This time though, the size of the card is made to exactly fit on a standard black bordered CCG card, like Magic: the Gathering, Wyvern, etc. We have tons of commons for these games lying around. The label stock fits right over the entire graphic portion of the CCG card, and our black border melts into their black border. With thin label stock, the resulting cards shuffle and play well, and they are even-edged with a color back.

Below are three cards from a sample game based on the movie Caddyshack. This uses the same template as above, but note how each card has a lot more information. Again it’s 9 cards per page, done in Powerpoint. And if it were a real game, we’d need to get HBO’s approval to use the movie images.

This is sort of a standard CCG approach, with a card title, graphic in the upper middle, text below, and numbers or game information in the corners, plus at the bottom and left side in this sample. This is printed on full-page label stock, then the cards are cut out, stripped of their backing and mounted on the CCG card.

Print the card images (color or whatever) on regular 8.5 x 11 full page labels. Test the paper once it’s printed to see if the image will hold up under use – rub it with your thumb or something. If the print is frail at all, you can laminate your tile after it’s stuck to the backing.

Same as earlier, I prefer plain scissors, but straight edge and knife or rotary works fine. The main difference here is I often try to curve the corner a little (following the rounded edge) so it will drop more easily onto the CCG card face.

Peel off the label for one card backing carefully and expose an edge (like ¼ inch) of the label. Place the CCG card (face up) behind the exposed sticky edge and arrange it so the printed image will cover the original card art all the way around. Carefully peel the label backing in a straight line away from your exposed edge, smoothing the sticky label image onto the card face as you go. You don’t want air bubbles under the image.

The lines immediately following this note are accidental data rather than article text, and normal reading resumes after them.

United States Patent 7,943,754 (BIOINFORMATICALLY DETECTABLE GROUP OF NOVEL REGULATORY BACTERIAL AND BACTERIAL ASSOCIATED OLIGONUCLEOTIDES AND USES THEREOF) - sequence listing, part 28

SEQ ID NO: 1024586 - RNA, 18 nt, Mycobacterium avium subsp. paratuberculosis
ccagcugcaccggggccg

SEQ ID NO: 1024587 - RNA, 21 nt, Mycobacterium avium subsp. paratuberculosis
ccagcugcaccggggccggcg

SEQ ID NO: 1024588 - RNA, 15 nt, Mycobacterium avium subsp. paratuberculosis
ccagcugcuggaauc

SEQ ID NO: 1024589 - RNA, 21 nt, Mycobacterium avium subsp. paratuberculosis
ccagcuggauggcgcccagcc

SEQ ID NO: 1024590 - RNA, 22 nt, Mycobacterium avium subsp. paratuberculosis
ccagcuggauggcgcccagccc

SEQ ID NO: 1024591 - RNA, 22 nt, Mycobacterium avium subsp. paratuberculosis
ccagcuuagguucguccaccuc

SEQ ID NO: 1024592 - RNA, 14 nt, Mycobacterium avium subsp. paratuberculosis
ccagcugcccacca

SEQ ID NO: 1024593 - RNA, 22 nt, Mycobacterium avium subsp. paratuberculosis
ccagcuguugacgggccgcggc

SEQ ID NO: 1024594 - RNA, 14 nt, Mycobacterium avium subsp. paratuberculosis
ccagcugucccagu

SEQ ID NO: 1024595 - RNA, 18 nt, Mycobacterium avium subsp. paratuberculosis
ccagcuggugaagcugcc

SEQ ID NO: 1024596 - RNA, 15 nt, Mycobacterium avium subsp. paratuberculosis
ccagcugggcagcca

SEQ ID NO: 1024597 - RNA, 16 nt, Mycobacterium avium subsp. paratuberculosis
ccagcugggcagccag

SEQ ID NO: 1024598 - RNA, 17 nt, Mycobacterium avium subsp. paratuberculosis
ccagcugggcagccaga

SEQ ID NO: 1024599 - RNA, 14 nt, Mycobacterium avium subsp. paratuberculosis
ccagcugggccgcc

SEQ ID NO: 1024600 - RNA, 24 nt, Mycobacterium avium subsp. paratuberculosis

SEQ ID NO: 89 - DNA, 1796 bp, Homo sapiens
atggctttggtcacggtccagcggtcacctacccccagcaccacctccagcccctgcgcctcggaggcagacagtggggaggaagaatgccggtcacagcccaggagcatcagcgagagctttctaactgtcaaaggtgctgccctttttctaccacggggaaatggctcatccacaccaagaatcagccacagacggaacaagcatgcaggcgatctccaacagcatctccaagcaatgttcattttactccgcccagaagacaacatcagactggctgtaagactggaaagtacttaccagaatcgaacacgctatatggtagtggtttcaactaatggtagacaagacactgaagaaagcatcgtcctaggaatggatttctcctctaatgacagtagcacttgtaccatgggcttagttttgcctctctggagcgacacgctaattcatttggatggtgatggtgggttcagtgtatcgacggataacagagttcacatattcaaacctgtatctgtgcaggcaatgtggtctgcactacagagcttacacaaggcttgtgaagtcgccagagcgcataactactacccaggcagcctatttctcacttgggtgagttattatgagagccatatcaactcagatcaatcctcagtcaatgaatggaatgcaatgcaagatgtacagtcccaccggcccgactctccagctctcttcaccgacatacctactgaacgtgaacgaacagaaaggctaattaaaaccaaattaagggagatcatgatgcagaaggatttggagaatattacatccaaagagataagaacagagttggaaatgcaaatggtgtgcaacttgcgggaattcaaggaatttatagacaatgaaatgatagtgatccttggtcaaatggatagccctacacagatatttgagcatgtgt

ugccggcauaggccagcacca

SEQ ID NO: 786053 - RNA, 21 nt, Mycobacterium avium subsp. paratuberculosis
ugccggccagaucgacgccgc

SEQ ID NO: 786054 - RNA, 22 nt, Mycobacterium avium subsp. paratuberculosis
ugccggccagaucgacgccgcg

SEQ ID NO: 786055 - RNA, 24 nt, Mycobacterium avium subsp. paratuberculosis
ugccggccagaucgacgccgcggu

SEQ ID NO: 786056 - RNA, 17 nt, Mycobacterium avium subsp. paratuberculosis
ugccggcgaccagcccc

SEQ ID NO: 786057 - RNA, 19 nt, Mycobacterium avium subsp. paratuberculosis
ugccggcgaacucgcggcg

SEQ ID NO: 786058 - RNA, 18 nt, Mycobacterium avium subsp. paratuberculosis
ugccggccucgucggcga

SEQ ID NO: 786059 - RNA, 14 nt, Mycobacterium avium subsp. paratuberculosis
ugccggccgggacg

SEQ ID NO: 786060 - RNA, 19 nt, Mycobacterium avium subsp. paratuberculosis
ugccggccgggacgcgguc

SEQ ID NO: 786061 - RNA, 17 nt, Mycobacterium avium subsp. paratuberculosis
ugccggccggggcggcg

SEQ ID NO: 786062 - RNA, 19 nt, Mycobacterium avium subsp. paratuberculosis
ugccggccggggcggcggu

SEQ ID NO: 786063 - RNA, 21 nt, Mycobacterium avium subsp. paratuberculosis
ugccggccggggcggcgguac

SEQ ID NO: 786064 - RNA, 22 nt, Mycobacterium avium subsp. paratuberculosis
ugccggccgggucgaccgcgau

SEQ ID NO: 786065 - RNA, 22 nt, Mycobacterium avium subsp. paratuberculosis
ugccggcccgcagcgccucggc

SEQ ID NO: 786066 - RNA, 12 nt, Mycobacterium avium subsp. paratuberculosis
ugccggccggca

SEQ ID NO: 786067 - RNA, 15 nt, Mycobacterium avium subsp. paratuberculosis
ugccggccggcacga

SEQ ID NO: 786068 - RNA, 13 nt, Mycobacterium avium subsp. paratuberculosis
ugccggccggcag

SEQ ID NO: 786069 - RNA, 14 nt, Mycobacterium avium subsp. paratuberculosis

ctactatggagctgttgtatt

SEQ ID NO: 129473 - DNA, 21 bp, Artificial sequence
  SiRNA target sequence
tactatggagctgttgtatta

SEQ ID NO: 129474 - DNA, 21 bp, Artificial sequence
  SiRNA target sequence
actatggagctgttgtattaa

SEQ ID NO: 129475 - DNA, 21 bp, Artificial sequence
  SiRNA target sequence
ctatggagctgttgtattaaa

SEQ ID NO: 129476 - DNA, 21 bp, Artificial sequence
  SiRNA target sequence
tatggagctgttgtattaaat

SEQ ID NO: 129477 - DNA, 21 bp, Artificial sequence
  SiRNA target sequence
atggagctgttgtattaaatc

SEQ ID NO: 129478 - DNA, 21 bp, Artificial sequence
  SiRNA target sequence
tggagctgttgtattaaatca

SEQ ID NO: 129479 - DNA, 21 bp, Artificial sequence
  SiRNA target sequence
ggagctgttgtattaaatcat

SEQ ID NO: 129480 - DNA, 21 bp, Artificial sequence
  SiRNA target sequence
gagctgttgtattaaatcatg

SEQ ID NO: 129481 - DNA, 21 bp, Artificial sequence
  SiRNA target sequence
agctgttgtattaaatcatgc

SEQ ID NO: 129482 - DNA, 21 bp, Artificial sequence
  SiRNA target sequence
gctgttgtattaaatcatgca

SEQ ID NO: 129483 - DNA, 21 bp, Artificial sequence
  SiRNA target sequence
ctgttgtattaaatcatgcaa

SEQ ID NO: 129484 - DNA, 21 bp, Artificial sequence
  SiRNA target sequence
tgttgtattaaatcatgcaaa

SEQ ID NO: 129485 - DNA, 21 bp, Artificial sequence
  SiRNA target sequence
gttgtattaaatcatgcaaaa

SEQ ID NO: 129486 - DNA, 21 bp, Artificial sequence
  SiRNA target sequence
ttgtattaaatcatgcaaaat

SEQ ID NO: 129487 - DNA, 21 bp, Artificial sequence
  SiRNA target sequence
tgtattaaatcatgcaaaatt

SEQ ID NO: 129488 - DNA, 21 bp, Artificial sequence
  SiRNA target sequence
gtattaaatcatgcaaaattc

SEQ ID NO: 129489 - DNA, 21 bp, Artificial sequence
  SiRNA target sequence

I don’t use these much, but some other designers swear by them. I tend to use sleeves if I have a game (like New Eden) where I’m actually changing some cards almost every playtest. In that case, using sleeves to quickly try out other card ideas works well.

On the down side, I find that card sleeves made for CCG’s are not that easy to shuffle, are sometimes prone to splitting, and are often expensive. One can make the argument that one set of sleeves can be used for multiple prototypes. However, I carry around 5 or 6 prototypes at a time, so I wouldn’t want to do that much switching in and out typically.

Print the card images directly on card stock or even regular paper. Cut the images out (you can go fast, since these images only need to fit inside the sleeve.) Place the images face-up in the sleeves. If you want a more solid card, you can place a regular CCG card behind your prototype image. The resulting card has a nice back, looks nice on the table and has a nice solid feel to it.

Next time – I’ll run through my card ideas and see if I missed anything with this first attempt. If not, we'll move on to printing game boards and maps.


  • At 5:23 PM, Anonymous Anonymous said…

    Or the old quickie standby: 3x5 cards with pencil scribbles, or for smaller tile-like cards, 3x5 cards cut in half with pencil scribbles (possibly also inserted into CCG card sleeves).

  • At 11:26 PM, Blogger KC said…

    Good point - fast and easy. If I'm just trying an idea out, 3x5 cards or similar is fine. But once I ask friends to play, I give them a card to look at, even if the game eventually is found to be not so good.